However, recently arrived migrants aged 18 years and over were more likely to have used a computer at home in the last 12 months (67%) compared with Australian adults generally (55%), and have non-school qualifications (66% compared with 50%). Relatively fewer assessed their health as fair or poor (8% compared to 16% of the total population) and fewer had a disability or long-term health condition (19% compared with 40%). These health differences may reflect both the younger age structure of recently arrived migrants, and the standard health criteria migrants have to meet as part of the migration process.
The patterns described above indicate that the social and economic circumstances of unemployed people, lone parents and recently arrived migrants differ from those of the total population. However, there are many complex, often interrelated factors which influence people’s social and economic experiences and outcomes. As such, it is not always clear how much a given attribute (i.e.being unemployed, a lone parent, or a recently arrived migrant) relates to particular social or economic circumstances. Other characteristics, such as age and life stage, educational background or location may also be contributing to people’s circumstances, to a greater or lesser extent. When other characteristics were accounted for through multivariate analysis, the attributes of being unemployed, a lone parent or a recently arrived migrant remained significantly associated with some social and economic circumstances, but not with others.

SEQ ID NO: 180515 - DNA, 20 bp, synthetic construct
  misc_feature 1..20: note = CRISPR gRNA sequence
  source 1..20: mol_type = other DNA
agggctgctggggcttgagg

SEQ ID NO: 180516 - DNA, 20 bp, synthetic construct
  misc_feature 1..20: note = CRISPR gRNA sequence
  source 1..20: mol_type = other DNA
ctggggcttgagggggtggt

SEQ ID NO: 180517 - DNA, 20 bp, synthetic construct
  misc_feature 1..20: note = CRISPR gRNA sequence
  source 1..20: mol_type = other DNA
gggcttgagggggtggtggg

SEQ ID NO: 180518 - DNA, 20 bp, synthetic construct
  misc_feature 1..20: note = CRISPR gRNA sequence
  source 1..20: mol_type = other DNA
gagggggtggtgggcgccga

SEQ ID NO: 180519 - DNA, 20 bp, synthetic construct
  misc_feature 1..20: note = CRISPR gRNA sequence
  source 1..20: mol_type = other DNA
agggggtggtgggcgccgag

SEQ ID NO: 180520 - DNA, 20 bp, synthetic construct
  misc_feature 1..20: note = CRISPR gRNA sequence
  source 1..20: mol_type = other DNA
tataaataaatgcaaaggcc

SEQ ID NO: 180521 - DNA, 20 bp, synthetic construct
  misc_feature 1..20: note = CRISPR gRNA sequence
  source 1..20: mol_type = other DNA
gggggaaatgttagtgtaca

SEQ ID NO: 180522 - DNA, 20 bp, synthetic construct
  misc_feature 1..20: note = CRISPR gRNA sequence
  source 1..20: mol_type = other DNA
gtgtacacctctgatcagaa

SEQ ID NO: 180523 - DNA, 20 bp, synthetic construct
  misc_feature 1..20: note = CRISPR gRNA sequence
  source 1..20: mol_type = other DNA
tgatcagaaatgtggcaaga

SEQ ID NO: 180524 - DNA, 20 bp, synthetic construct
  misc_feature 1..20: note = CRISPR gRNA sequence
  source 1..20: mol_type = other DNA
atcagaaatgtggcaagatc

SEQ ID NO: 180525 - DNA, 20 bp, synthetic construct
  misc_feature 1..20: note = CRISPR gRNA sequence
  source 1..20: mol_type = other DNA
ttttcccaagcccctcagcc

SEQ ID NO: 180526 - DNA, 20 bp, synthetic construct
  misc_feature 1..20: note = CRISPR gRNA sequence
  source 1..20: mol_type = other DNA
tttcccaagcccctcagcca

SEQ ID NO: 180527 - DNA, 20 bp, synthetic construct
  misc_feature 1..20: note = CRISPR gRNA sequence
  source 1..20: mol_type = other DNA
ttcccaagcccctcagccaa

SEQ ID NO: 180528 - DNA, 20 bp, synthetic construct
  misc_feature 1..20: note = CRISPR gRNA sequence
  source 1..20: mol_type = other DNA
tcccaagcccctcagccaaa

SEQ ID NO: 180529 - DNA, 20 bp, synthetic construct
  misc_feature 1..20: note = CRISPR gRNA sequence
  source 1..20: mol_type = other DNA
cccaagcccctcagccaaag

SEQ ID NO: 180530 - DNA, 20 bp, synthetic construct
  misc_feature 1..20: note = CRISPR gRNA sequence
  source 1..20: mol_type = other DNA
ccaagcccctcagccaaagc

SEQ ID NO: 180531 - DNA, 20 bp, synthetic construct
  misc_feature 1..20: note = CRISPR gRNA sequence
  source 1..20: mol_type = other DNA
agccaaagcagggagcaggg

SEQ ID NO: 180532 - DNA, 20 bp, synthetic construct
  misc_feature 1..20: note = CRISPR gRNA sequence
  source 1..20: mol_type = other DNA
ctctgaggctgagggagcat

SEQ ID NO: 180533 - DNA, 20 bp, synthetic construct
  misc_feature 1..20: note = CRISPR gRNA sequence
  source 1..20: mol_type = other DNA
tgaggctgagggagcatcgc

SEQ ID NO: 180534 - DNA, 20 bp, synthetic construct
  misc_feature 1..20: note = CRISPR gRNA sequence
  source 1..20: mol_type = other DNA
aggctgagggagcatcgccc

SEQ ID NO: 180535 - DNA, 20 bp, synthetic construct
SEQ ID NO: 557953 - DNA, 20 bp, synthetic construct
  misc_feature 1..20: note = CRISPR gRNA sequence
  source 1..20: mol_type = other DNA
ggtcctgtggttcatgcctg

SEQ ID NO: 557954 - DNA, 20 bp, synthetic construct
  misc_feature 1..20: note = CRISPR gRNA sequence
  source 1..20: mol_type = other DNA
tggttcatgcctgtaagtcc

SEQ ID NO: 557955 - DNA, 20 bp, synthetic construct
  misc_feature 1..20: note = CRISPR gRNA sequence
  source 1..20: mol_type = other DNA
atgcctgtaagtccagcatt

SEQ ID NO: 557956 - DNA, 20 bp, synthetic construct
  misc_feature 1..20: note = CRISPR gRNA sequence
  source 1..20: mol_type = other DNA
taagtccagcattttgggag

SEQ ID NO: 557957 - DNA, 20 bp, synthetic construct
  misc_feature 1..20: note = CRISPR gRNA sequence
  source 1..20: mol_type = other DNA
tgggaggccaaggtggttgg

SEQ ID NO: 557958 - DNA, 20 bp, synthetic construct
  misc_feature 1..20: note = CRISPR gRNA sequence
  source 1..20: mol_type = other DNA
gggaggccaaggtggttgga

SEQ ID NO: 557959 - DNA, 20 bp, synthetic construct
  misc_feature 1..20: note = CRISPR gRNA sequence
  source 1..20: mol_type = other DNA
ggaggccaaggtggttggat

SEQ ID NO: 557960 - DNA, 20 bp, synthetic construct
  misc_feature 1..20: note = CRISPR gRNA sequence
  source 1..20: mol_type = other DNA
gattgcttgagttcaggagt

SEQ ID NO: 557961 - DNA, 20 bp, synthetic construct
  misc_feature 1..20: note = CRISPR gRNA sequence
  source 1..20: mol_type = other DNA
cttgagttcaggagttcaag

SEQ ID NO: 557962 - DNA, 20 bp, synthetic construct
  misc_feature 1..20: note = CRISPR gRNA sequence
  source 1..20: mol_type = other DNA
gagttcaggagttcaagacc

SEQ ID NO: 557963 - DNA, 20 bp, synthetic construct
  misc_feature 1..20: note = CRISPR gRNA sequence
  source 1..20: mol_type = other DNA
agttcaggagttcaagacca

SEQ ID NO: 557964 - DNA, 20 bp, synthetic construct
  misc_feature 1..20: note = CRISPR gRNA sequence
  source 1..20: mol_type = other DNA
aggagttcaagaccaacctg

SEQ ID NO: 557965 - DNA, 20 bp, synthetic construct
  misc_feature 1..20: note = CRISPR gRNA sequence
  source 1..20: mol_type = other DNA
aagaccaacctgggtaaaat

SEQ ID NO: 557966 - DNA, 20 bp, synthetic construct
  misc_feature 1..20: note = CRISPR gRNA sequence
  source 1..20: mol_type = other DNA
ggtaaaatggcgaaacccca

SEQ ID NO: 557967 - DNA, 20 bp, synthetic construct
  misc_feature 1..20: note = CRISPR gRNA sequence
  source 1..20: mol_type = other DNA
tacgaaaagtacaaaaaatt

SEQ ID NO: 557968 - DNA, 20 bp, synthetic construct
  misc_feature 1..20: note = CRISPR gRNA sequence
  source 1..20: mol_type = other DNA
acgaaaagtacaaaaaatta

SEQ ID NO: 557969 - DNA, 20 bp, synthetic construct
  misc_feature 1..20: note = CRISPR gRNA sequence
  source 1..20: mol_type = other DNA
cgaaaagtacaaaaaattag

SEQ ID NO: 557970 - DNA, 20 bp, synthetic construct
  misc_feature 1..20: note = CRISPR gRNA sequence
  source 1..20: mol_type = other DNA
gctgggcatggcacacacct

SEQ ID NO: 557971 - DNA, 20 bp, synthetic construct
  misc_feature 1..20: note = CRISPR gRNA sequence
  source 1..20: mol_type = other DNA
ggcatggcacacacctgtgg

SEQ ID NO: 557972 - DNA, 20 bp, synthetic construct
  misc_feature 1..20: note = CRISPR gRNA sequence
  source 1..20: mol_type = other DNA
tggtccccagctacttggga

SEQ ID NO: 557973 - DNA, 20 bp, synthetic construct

In a range of areas of wellbeing, unemployed people were found to have disadvantaged circumstances compared with their employed counterparts, after controlling for other characteristics. For example, in the area of social attachment, unemployed people were more likely than employed people (other characteristics being equal) to experience transport difficulties, feel unable to ask others for small favours and feel that they had no support in a time of crisis.
In the area of financial stress, unemployment was associated with an increased likelihood of experiencing cash flow problems, being unable to raise money in an emergency and having to reduce assets or increase debt in order to pay for basic living expenses. However, unemployment was not associated with a significant increase in the likelihood of reporting fair or poor health (after accounting for other characteristics such as age).
Compared with being employed, the outcomes for unemployed people were somewhat different to those of people not in the labour force. For example, although being unemployed was not associated with an increased likelihood of reporting fair or poor health, those not in the labour force were significantly more likely to assess their health in this way. Like unemployed people, those not in the labour force were more likely than employed people (other characteristics being equal) to experience the negative outcomes measured in relation to social attachment - such as having transport difficulties.
Compared with couples with children, lone parents were not significantly more likely to have negative social attachment outcomes, indicating that lone parents access networks outside their immediate family household to the same extent as couples with children. For example, lone parents were no more likely than couples with children (other characteristics being equal) to have transport difficulties, to feel unable to ask others for small favours or have no support in a time of crisis. Further, lone parents were less likely than couples with children to have less than weekly contact with family and friends.